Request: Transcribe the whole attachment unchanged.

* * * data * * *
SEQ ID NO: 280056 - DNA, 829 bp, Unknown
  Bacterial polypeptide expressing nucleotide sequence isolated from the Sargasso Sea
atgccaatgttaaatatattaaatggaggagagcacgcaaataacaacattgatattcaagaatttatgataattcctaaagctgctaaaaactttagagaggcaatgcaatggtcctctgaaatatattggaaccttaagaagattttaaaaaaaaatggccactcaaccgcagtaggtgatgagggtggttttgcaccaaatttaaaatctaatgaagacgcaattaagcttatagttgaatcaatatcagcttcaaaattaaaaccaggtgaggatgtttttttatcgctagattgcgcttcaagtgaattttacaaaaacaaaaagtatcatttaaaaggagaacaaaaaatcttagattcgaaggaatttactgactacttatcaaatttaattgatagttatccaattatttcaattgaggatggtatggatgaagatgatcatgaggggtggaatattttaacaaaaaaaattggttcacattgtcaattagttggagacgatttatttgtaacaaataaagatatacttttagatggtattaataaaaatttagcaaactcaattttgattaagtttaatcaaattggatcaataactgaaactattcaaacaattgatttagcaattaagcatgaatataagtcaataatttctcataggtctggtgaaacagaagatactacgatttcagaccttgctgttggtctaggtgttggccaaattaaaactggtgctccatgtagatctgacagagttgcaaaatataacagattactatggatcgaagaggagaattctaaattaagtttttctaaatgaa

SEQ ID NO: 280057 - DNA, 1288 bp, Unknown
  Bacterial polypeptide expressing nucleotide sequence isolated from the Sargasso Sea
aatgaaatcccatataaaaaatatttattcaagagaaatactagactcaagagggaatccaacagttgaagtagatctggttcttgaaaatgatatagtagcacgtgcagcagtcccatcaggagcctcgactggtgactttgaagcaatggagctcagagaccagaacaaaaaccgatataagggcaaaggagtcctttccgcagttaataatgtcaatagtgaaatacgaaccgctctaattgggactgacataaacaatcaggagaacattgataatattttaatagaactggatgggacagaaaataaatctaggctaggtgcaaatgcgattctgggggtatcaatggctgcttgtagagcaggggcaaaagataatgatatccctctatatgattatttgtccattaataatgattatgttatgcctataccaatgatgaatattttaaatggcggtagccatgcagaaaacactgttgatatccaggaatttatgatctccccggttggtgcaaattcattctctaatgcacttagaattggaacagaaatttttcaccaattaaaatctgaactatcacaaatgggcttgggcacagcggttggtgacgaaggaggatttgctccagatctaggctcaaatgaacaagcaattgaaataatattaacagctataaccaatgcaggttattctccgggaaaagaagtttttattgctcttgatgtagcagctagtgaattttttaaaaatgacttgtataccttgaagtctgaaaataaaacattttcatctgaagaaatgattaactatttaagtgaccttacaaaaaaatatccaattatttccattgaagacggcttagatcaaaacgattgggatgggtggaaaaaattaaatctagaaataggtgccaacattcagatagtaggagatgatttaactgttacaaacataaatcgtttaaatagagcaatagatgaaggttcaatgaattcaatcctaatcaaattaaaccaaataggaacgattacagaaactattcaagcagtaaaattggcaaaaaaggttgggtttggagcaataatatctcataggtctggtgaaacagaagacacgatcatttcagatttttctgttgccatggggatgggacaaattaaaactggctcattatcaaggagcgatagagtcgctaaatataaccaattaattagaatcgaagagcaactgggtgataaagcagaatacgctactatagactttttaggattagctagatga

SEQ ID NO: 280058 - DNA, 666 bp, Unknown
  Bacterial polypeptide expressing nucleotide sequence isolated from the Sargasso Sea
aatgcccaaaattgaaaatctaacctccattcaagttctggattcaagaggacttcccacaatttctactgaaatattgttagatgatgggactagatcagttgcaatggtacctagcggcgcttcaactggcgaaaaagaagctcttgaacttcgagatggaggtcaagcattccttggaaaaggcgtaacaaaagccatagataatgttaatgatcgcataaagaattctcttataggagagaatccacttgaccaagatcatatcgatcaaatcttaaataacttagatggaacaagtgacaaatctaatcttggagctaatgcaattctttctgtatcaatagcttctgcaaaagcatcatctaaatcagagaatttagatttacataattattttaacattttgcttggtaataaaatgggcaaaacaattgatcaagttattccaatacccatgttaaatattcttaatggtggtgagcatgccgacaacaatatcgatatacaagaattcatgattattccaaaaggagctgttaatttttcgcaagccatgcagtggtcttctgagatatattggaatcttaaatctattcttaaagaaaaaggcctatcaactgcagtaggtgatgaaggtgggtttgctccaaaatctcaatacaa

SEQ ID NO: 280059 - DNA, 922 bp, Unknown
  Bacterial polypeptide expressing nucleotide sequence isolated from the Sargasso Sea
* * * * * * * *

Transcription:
SEQ ID NO: 280056 - DNA, 829 bp, Unknown
  Bacterial polypeptide expressing nucleotide sequence isolated from the Sargasso Sea
atgccaatgttaaatatattaaatggaggagagcacgcaaataacaacattgatattcaagaatttatgataattcctaaagctgctaaaaactttagagaggcaatgcaatggtcctctgaaatatattggaaccttaagaagattttaaaaaaaaatggccactcaaccgcagtaggtgatgagggtggttttgcaccaaatttaaaatctaatgaagacgcaattaagcttatagttgaatcaatatcagcttcaaaattaaaaccaggtgaggatgtttttttatcgctagattgcgcttcaagtgaattttacaaaaacaaaaagtatcatttaaaaggagaacaaaaaatcttagattcgaaggaatttactgactacttatcaaatttaattgatagttatccaattatttcaattgaggatggtatggatgaagatgatcatgaggggtggaatattttaacaaaaaaaattggttcacattgtcaattagttggagacgatttatttgtaacaaataaagatatacttttagatggtattaataaaaatttagcaaactcaattttgattaagtttaatcaaattggatcaataactgaaactattcaaacaattgatttagcaattaagcatgaatataagtcaataatttctcataggtctggtgaaacagaagatactacgatttcagaccttgctgttggtctaggtgttggccaaattaaaactggtgctccatgtagatctgacagagttgcaaaatataacagattactatggatcgaagaggagaattctaaattaagtttttctaaatgaa

SEQ ID NO: 280057 - DNA, 1288 bp, Unknown
  Bacterial polypeptide expressing nucleotide sequence isolated from the Sargasso Sea
aatgaaatcccatataaaaaatatttattcaagagaaatactagactcaagagggaatccaacagttgaagtagatctggttcttgaaaatgatatagtagcacgtgcagcagtcccatcaggagcctcgactggtgactttgaagcaatggagctcagagaccagaacaaaaaccgatataagggcaaaggagtcctttccgcagttaataatgtcaatagtgaaatacgaaccgctctaattgggactgacataaacaatcaggagaacattgataatattttaatagaactggatgggacagaaaataaatctaggctaggtgcaaatgcgattctgggggtatcaatggctgcttgtagagcaggggcaaaagataatgatatccctctatatgattatttgtccattaataatgattatgttatgcctataccaatgatgaatattttaaatggcggtagccatgcagaaaacactgttgatatccaggaatttatgatctccccggttggtgcaaattcattctctaatgcacttagaattggaacagaaatttttcaccaattaaaatctgaactatcacaaatgggcttgggcacagcggttggtgacgaaggaggatttgctccagatctaggctcaaatgaacaagcaattgaaataatattaacagctataaccaatgcaggttattctccgggaaaagaagtttttattgctcttgatgtagcagctagtgaattttttaaaaatgacttgtataccttgaagtctgaaaataaaacattttcatctgaagaaatgattaactatttaagtgaccttacaaaaaaatatccaattatttccattgaagacggcttagatcaaaacgattgggatgggtggaaaaaattaaatctagaaataggtgccaacattcagatagtaggagatgatttaactgttacaaacataaatcgtttaaatagagcaatagatgaaggttcaatgaattcaatcctaatcaaattaaaccaaataggaacgattacagaaactattcaagcagtaaaattggcaaaaaaggttgggtttggagcaataatatctcataggtctggtgaaacagaagacacgatcatttcagatttttctgttgccatggggatgggacaaattaaaactggctcattatcaaggagcgatagagtcgctaaatataaccaattaattagaatcgaagagcaactgggtgataaagcagaatacgctactatagactttttaggattagctagatga

SEQ ID NO: 280058 - DNA, 666 bp, Unknown
  Bacterial polypeptide expressing nucleotide sequence isolated from the Sargasso Sea
aatgcccaaaattgaaaatctaacctccattcaagttctggattcaagaggacttcccacaatttctactgaaatattgttagatgatgggactagatcagttgcaatggtacctagcggcgcttcaactggcgaaaaagaagctcttgaacttcgagatggaggtcaagcattccttggaaaaggcgtaacaaaagccatagataatgttaatgatcgcataaagaattctcttataggagagaatccacttgaccaagatcatatcgatcaaatcttaaataacttagatggaacaagtgacaaatctaatcttggagctaatgcaattctttctgtatcaatagcttctgcaaaagcatcatctaaatcagagaatttagatttacataattattttaacattttgcttggtaataaaatgggcaaaacaattgatcaagttattccaatacccatgttaaatattcttaatggtggtgagcatgccgacaacaatatcgatatacaagaattcatgattattccaaaaggagctgttaatttttcgcaagccatgcagtggtcttctgagatatattggaatcttaaatctattcttaaagaaaaaggcctatcaactgcagtaggtgatgaaggtgggtttgctccaaaatctcaatacaa

SEQ ID NO: 280059 - DNA, 922 bp, Unknown
  Bacterial polypeptide expressing nucleotide sequence isolated from the Sargasso Sea